Family Strengthening in Russia
32-year-old Elena lives in a three-room communal apartment in St. Petersburg and she is one of the beneficiaries of SOS Children's Villages Russia's family strengthening programme "Family - mother and me".
Living in a communal apartment means that she has one room for her family and shares the kitchen, WC and bathroom with two other families. "We have been in the queue for getting the new apartment for 25 years now," she says. "We have turned to every possible institution, including president Putin, but with no luck. For eleven years we have been on the 113th position in the line."
On approximately 20 square meters, four people are living, Elena, her mother, brother and son. "My mother is an invalid, my son has asthma, so I cannot work properly - I work for one month and then stay at home with my son for two months," she tells, adding that she also does not get subsidies for her child as she has not worked officially. "The illnesses started after a vaccination when Dima was only eight-month-old. Nobody employs me if I can't work consistently," she tells, adding that at the moment she has found a work which satisfies her.
Elena and her family are one of the beneficiaries of the family strengthening programme "Family - mother and me" in St. Petersburg. At first, she came to SOS Children's Villages to find help for the living space problem but soon the co-workers realised there is also a health problem, which is a direct effect of Elena's divorce.
Restore balance and lawyer's help
The programme's psychologists have set the target for the family - to restore Dima's emotional balance and a lawyer helps to solve the living space problem.
"Life has become more interesting after joining the programme; we get tickets to theatres or excursions," tells Elena and adds that she was surprised by the programme co-worker's positive approach.
"It's so good when people are interested in your problems and it's even better when you get advice. I am so glad I heard about this programme. Honestly, I don't have much hope that there will be a solution for our apartment problem but I have started writing letters to welfare institutions again, after I got consultations from the lawyer."
"When you send a general letter you also get a general answer, that there is nothing do to. But if you send the letter with the help of a lawyer you can include paragraphs from the law and then they cannot send you some general answer," she explains the advantages of being involved in the programme.
Case to case approach
The programme in the Krasnogvardeisky district started in November 2007 and at by March the next year, there were eleven families and 21 children involved.
"Our target groups are single-headed families and we assess each family individually, we take it case by case, setting clear objectives on the change we want to make for this family," says Igor Georgi, the national family strengthening programme advisor.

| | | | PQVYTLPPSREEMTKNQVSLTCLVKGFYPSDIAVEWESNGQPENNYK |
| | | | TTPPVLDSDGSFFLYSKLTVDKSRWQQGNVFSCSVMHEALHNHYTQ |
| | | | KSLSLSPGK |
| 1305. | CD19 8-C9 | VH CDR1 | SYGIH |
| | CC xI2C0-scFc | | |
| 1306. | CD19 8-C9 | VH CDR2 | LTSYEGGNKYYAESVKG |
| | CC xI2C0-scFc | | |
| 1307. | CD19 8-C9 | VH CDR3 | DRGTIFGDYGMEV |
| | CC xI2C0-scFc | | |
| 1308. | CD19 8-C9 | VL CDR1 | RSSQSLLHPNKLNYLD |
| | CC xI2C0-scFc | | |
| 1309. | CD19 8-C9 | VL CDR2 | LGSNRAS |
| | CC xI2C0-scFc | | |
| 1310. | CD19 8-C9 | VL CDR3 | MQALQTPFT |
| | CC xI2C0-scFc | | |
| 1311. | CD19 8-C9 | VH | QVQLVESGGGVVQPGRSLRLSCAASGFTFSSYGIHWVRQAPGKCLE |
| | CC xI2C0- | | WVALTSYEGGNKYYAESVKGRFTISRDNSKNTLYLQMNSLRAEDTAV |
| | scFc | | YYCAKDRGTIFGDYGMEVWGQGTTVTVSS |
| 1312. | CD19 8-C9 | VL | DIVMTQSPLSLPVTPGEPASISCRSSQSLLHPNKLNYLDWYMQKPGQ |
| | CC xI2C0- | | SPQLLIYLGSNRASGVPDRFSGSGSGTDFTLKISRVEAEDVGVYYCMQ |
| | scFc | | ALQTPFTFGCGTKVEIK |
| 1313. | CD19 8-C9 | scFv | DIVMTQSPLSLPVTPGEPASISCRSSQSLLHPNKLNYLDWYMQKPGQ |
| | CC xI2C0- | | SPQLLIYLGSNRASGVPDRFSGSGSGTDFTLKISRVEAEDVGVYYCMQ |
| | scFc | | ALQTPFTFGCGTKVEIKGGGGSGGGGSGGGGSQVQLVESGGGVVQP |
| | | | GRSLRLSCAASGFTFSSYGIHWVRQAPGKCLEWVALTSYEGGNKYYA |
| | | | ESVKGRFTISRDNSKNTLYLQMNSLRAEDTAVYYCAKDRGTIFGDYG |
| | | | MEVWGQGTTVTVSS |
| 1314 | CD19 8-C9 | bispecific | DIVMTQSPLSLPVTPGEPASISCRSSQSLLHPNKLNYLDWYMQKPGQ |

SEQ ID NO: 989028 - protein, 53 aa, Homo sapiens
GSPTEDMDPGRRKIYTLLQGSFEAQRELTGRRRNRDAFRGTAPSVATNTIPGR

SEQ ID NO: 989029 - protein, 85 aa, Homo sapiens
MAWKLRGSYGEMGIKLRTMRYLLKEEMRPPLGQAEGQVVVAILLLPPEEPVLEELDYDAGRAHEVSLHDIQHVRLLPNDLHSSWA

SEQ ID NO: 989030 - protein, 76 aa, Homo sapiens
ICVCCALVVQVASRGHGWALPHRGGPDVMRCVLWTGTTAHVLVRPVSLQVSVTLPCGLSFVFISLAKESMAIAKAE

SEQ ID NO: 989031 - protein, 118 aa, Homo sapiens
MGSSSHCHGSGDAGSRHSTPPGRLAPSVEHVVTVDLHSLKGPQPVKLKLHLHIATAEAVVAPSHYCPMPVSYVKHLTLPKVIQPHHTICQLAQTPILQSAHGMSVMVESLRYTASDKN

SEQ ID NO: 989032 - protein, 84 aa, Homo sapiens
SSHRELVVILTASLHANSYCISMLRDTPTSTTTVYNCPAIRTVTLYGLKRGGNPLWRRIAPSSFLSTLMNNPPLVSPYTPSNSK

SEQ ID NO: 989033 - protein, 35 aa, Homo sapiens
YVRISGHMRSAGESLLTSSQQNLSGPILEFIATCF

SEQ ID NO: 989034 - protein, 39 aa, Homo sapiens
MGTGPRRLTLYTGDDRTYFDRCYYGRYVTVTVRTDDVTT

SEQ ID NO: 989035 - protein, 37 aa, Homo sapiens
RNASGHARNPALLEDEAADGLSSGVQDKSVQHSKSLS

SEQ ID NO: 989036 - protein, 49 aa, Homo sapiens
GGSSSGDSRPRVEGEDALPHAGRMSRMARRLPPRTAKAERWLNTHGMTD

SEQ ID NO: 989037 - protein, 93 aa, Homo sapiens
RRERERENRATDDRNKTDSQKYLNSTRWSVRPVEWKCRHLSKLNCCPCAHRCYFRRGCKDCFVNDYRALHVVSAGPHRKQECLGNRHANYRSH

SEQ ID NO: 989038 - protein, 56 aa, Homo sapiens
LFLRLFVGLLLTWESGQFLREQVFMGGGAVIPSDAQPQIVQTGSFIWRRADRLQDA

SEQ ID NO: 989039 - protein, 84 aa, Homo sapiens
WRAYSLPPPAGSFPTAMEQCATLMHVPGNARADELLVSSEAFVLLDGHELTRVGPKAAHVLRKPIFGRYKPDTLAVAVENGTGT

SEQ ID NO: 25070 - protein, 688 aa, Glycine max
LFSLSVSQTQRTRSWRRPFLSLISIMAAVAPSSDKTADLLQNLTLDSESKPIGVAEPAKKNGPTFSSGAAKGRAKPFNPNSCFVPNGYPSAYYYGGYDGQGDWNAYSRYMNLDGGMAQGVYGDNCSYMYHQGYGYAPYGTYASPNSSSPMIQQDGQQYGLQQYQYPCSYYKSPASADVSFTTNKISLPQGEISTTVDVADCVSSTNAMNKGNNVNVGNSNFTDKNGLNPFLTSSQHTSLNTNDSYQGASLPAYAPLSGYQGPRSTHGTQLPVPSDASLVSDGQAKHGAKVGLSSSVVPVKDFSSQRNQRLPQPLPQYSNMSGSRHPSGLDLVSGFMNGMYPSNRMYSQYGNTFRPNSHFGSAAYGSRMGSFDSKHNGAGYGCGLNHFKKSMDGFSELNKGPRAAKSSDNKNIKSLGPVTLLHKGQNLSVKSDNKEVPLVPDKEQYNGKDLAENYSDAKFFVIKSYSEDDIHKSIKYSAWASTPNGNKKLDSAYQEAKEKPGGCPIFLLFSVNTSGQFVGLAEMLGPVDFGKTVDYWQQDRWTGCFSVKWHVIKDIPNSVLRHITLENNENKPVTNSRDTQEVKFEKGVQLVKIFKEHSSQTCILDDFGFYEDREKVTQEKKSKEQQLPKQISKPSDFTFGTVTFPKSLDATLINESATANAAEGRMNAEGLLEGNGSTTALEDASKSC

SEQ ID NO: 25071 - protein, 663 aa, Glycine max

"This is a revolutionary approach in Russia - at the moment the governmental social services are too much focused on the services they provide rather than the real needs of a family and thus take the whole process too formally. We are trying to be more case to case and to find the best possible way for the family to develop."
"There are four main areas where we are trying to find solutions: living space, regular income, education, health - so that a family could develop and fulfil some goals."
According to Georgi, the programme is acting as a mediator, who brings the people in need and the governmental services together. "The needed services exist, but the problem is that the people do not know about them and therefore cannot use them," says Georgi.
The SOS family strengthening programme finds the families through schools, nurseries, child policlinics and after that, the word spreads mouth to mouth. "I am surprised that so many people already know about us," says Georgi and emphasizes the importance of different approaches than governmental services.
"As Elena said, even listening about the problems can help. I think there are also possibilities how to help Elena and her family."
New programmes to come
In 2006, the first prevention project in Russia started in Murmansk. Target groups are pregnant women and mothers with children up to three years of age. In St. Petersburg two family strengthening programmes started at the end of 2007.
In the Krasnogvardeisky district "Family - mother and me" and in the Admiraliteitsky district "Ecology of the Family", which is aimed at families where one or both parents have alcohol problems.
"In 2008 we are planning to start five more programmes, which could be described as "Together with mother". The programmes will be located in Kandalaksha, Pskov, Vologda, Cherepovets and in St. Petersburg. The latter will be concentrating on "mothers with AIDS/HIV," tells Georgi.
"SOS Children's Villages Russia has already gained some positive experience with early prevention approach as the first programme aiming to prevent mothers abandoning their children at birth started in 2006," tells Georgi. "Last year we decided to spread our knowledge to other regions as we work with a problem common in the whole country - according to latest national researches about 60% of all orphans in Russia were abandoned at hospitals right after birth."
"Local data also confirms the national trends. For example, in 2006 there were 20 and the year after 30 abandonments in the city of Cherepovets. In 2007 the government made huge efforts to stop the abandonment by giving financial support."